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ENCePP Guide on Methodological Standards in Pharmacoepidemiology


13.1. General principles of quality management

Quality in research is a measure of excellence that impacts medicines development and public health. What is quality management system (QMS)? (American Society for Quality, 2022) defines a QSM as a formalised system that documents processes, procedures, and responsibilities for achieving quality policies and objectives. Quality management principles as described in ISO Quality management principles are applicable to pharmacoepidemiological research. ISO 9000:2015 describes the fundamental concepts and principles of quality management which are universally applicable to organisations and specifies the terms and definitions that apply to quality management and quality management system standards. The book Total Quality Management-Key Concepts and Case Studies (D.R. Kiran, BSP Books, Elsevier, 2016) deals with the management principles and practices that govern the quality function and presents all the aspects of quality control and management in practice.

The Commission Implementing Regulation (EU) No 520/2012 and the Good pharmacovigilance practices (GVP) Module I provide a framework for the quality management of pharmacovigilance and safety studies of authorised medicinal products.

Measurable quality can be achieved by:

  • Quality planning: establishing structures (including validated computerised systems) and planning integrated and consistent processes;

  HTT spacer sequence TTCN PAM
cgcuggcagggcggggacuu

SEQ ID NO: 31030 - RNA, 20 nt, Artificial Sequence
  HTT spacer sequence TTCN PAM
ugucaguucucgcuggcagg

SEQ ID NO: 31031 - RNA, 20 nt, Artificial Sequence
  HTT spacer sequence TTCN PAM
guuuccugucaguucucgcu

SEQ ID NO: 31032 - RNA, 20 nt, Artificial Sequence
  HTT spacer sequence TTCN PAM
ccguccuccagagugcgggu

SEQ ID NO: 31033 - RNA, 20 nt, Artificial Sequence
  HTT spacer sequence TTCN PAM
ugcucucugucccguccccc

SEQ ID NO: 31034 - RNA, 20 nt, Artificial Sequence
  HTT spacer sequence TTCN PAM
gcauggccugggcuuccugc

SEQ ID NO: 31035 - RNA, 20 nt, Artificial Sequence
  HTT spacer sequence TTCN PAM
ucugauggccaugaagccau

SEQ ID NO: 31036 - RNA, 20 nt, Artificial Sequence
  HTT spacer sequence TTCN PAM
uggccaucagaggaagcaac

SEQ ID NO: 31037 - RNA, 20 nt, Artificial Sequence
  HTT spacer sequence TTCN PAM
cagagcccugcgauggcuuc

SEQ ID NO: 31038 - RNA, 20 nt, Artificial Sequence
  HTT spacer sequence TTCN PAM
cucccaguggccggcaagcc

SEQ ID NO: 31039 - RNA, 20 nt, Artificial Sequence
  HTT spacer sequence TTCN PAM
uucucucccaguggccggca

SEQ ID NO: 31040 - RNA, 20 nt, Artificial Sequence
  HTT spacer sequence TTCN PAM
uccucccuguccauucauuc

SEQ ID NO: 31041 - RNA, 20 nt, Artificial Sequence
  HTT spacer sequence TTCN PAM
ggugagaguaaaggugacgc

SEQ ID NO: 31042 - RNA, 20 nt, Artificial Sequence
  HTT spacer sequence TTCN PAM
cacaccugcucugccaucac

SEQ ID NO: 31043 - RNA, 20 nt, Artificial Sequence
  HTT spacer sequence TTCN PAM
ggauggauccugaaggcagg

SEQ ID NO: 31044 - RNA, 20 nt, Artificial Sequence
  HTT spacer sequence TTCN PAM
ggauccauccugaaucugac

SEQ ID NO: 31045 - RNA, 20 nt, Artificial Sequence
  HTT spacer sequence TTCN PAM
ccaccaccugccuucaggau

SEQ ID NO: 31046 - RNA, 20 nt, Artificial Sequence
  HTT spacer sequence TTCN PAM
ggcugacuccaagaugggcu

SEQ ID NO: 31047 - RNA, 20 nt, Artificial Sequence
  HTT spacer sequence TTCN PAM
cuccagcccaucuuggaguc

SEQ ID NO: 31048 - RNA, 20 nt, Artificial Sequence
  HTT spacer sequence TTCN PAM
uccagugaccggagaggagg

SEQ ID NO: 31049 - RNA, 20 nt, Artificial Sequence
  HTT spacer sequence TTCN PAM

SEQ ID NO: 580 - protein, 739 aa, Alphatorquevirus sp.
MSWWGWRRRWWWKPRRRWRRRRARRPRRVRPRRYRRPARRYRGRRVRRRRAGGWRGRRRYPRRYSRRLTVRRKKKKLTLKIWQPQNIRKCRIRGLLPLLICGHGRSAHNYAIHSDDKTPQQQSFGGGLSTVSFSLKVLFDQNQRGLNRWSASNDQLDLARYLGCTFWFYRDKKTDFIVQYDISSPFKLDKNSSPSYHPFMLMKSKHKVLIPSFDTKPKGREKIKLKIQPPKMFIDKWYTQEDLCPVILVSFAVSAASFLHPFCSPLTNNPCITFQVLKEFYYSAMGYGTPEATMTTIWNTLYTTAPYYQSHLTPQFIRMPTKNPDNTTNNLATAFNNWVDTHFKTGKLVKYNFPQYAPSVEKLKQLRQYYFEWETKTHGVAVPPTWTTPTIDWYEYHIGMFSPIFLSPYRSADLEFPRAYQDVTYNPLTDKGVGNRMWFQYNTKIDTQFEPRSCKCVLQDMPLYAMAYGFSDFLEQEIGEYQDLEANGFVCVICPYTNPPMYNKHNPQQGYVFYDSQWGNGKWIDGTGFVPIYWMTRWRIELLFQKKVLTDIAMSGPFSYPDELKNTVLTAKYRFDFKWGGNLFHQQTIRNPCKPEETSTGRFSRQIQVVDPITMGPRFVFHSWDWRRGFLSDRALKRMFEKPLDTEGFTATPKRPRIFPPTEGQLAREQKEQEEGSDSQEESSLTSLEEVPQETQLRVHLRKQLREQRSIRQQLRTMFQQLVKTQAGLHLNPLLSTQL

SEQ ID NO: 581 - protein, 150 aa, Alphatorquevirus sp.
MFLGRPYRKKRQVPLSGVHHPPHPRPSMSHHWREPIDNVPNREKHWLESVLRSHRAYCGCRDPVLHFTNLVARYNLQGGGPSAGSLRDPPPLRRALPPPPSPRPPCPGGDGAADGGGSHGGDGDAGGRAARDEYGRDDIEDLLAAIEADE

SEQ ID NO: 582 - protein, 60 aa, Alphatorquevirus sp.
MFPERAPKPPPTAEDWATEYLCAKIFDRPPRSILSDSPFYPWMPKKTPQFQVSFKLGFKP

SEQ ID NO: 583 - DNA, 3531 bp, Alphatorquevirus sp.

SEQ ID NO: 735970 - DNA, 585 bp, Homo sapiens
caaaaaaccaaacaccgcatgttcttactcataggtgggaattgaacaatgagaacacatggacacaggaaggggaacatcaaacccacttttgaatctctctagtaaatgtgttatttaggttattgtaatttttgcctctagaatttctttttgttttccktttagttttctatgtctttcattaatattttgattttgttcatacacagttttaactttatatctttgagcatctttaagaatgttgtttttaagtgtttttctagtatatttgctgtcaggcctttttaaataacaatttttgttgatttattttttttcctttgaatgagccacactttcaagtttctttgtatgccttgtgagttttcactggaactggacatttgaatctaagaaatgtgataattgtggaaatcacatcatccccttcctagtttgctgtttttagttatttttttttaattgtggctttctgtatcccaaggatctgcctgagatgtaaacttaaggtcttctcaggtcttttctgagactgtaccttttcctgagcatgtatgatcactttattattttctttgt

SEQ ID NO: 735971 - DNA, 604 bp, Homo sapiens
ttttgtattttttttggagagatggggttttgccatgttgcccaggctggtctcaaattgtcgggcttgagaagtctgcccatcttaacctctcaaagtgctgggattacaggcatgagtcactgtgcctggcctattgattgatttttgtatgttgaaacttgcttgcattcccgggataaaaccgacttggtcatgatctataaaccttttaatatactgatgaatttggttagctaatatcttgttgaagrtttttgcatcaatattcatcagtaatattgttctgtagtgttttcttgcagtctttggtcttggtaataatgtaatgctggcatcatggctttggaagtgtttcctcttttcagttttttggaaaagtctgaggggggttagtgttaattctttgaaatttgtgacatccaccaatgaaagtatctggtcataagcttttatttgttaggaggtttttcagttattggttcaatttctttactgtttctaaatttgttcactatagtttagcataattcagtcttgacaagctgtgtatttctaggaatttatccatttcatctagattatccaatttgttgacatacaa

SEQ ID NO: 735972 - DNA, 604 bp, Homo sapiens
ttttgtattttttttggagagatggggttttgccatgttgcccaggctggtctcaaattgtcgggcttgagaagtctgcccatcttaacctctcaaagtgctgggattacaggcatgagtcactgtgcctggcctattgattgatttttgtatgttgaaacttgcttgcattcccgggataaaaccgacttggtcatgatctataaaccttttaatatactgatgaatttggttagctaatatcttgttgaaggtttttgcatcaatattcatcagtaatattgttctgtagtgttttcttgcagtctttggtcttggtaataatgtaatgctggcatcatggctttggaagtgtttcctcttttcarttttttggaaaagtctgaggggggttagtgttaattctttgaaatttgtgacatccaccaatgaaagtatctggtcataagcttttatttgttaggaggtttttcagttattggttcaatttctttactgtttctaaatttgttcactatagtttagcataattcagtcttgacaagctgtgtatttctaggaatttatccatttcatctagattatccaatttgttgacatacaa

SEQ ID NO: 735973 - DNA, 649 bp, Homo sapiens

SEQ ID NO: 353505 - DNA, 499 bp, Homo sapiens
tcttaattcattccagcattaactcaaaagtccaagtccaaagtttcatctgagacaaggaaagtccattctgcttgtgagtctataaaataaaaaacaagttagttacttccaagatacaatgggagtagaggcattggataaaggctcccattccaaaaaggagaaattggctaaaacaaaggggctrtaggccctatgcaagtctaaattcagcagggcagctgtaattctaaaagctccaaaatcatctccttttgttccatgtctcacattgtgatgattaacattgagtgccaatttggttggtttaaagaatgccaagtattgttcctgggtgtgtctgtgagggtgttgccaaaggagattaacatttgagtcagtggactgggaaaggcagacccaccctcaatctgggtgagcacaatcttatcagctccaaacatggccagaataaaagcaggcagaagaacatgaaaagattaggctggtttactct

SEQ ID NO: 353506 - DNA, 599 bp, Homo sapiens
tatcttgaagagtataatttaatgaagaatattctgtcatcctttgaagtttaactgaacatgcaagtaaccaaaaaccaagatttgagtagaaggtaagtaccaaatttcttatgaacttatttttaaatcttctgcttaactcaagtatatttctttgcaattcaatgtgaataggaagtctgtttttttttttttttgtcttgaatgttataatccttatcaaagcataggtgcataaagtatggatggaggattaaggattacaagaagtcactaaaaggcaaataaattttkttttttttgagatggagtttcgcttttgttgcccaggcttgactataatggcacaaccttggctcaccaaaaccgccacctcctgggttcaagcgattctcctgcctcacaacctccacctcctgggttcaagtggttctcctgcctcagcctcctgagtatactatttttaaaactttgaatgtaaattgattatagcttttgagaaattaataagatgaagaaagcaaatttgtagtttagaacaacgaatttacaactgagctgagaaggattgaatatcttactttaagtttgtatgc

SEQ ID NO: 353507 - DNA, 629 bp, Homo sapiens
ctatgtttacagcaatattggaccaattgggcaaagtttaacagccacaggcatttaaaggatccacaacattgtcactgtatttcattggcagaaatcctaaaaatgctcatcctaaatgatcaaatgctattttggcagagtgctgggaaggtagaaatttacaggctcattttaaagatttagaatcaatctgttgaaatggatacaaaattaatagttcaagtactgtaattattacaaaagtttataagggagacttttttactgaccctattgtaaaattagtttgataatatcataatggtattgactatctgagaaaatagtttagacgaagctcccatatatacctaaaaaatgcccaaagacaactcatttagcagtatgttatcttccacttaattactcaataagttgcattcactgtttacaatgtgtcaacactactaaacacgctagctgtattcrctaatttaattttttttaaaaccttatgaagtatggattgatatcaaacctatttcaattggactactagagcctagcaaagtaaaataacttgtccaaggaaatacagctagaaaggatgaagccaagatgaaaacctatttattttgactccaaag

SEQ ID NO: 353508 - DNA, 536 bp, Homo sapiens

• Quality assurance and control: monitoring and evaluating how effectively the structures and processes have been established and how effectively the processes are being carried out;

  • Quality improvement: correcting and improving the structures and processes where necessary.

Pharmacoepidemiological research may be based on primary data collection or secondary use of data which is collected for other purposes (see Chapter 8). Primary data collection is a controlled process to which all steps of quality management should apply. Secondary use of data requires quality control addressing a posteriori data quality irrespective of its use (also part of the concept of reliability mentioned in the next section, e.g., detection of missing information, errors made during a transfer or conversion, outliers, duplicates, implausible values), as well as data quality in the context of its use for a specific study (also named relevance).


Pharmacoepidemiological research is also becoming more complex and may use a very large amount of data. In such situation, managing quality implies a risk-based approach. Risk-based quality management is incorporated as Good Clinical Practice expectation in ICH E8 (R1) and addressed in the European Commission’s Risk proportionate approaches in clinical trials (2017), EMA’s Reflection paper on risk-based quality management in clinical trials (2013) and GVP Module III on Pharmacovigilance inspections (2014).

The considerations and recommendations in Chapter 5. regarding the definition and validation of exposure, outcomes and covariates are essential aspects to be addressed for quality management. Adequate information on data sources is needed in order to identify real-world data sources and to assess their suitability for specific research questions. The HMA-EMA Good Practice Guide for the use of the Metadata Catalogue of Real-World Data Sources (2022) provides recommendations on the identifiability of data sources based on the data elements described in the List of metadata for Real World Data catalogues (2022). This catalogue will also help assessing the quality of data sources proposed to be used in a study protocol or referred to in a study report.


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